European legal specialists have warned that ambitious European Commission plans to push through electronic commerce legislation by the end of the year are doomed to failure.
The EC wants to drive through legislation covering copyright, distance selling of financial services and electronic money along with with Brussels and Rome conventions covering EU contractual law to help Europe catch up with the US in the field of electronic commerce.
But Mike Pullen, a legal expert in the Brussels office of Dibb Lupton Allsop, said the plans - the brainchild of European IT commissioner Erkki Liikanen - are likely to be railroaded by national interests and existing non-Internet friendly legislation.
Similar plans to create a .eu Internet domain name are also unlikely to be as simple to push through as EU officials would like to think.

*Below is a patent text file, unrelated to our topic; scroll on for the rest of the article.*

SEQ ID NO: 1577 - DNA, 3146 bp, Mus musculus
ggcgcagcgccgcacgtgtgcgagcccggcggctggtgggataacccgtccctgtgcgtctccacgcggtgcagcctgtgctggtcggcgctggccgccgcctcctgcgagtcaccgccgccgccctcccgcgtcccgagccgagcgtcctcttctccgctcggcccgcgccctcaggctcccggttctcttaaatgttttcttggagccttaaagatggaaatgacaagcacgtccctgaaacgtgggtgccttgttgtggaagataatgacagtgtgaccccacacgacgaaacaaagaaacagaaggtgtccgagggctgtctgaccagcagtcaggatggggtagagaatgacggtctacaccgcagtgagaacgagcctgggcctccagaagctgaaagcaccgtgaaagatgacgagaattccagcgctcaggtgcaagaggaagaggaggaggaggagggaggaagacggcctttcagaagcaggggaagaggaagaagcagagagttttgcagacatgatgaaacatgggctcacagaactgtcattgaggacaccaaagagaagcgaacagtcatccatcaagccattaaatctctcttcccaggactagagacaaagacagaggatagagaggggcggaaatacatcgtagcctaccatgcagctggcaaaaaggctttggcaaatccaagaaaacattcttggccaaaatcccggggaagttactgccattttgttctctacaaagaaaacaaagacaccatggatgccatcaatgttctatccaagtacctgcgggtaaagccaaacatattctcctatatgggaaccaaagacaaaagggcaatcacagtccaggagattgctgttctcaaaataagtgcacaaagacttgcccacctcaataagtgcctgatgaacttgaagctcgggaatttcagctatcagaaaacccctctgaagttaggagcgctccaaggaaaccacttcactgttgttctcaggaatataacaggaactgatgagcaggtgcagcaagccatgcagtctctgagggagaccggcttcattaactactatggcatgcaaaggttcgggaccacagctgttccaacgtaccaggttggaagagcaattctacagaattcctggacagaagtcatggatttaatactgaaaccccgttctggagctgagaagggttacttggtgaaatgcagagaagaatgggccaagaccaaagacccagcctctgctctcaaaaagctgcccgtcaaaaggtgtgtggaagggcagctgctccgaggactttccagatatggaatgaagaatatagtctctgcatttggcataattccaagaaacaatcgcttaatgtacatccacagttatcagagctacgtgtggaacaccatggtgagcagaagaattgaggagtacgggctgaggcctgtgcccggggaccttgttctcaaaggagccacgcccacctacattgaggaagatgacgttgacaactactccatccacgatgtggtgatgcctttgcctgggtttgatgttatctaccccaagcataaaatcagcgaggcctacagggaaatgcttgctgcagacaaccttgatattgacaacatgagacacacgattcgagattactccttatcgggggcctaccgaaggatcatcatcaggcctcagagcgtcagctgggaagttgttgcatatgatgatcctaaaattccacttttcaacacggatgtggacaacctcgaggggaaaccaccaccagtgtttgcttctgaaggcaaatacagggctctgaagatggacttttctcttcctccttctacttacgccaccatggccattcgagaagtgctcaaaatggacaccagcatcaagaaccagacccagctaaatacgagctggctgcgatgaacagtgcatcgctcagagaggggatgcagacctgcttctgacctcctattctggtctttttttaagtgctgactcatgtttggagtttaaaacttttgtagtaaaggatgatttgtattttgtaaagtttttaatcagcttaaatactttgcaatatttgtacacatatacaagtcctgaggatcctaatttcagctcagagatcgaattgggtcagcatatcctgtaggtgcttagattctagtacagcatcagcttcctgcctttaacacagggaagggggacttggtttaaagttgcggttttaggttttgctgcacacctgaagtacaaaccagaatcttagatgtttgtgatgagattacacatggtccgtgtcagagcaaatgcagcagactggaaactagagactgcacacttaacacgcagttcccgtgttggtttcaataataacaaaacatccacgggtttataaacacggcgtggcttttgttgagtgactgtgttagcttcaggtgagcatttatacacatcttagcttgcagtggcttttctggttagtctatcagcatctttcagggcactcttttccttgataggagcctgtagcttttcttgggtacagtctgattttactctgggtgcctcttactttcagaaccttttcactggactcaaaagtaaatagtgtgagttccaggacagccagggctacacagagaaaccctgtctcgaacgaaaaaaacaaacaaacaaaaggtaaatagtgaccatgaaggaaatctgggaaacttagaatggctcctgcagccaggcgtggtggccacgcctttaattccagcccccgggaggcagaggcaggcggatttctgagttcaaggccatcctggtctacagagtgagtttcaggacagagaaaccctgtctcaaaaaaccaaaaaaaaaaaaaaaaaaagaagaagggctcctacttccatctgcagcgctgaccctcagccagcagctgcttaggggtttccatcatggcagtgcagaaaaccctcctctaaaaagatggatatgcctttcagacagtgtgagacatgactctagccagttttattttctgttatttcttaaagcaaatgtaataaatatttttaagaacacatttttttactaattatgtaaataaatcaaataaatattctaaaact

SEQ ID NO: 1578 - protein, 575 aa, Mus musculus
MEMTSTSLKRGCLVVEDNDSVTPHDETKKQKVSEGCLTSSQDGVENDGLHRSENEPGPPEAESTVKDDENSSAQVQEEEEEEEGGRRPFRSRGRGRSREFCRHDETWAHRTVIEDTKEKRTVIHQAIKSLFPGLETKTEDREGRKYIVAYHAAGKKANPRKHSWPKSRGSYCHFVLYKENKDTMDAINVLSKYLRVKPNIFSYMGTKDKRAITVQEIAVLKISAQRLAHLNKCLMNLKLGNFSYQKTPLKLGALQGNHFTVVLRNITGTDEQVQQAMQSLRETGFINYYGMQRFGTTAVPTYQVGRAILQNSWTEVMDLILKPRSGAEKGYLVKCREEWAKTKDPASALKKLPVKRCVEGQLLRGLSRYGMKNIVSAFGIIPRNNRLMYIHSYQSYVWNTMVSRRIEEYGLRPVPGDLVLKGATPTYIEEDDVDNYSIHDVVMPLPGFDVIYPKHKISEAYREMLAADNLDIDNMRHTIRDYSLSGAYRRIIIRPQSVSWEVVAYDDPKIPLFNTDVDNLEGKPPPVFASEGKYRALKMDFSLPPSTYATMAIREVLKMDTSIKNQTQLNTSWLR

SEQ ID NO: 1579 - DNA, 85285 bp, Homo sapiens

Pullen said a series of hurdles face the legislative agenda. He highlighted doubts recently about e-commerce legislation with a conference focusing on the problems of how European jurisdiction should be applied.
Pullen said, "The directives could only go through by the end of the year, if no-one raises any objections. But directives on distance selling and the non-contractual liability covered under the Brussels and Rome conventions are likely to take longer. As for the .eu domain name, firstly the proposal needs to get political approval from European member nations, then the EU will need to apply to the Internet Corporation for Assigned Names and Numbers."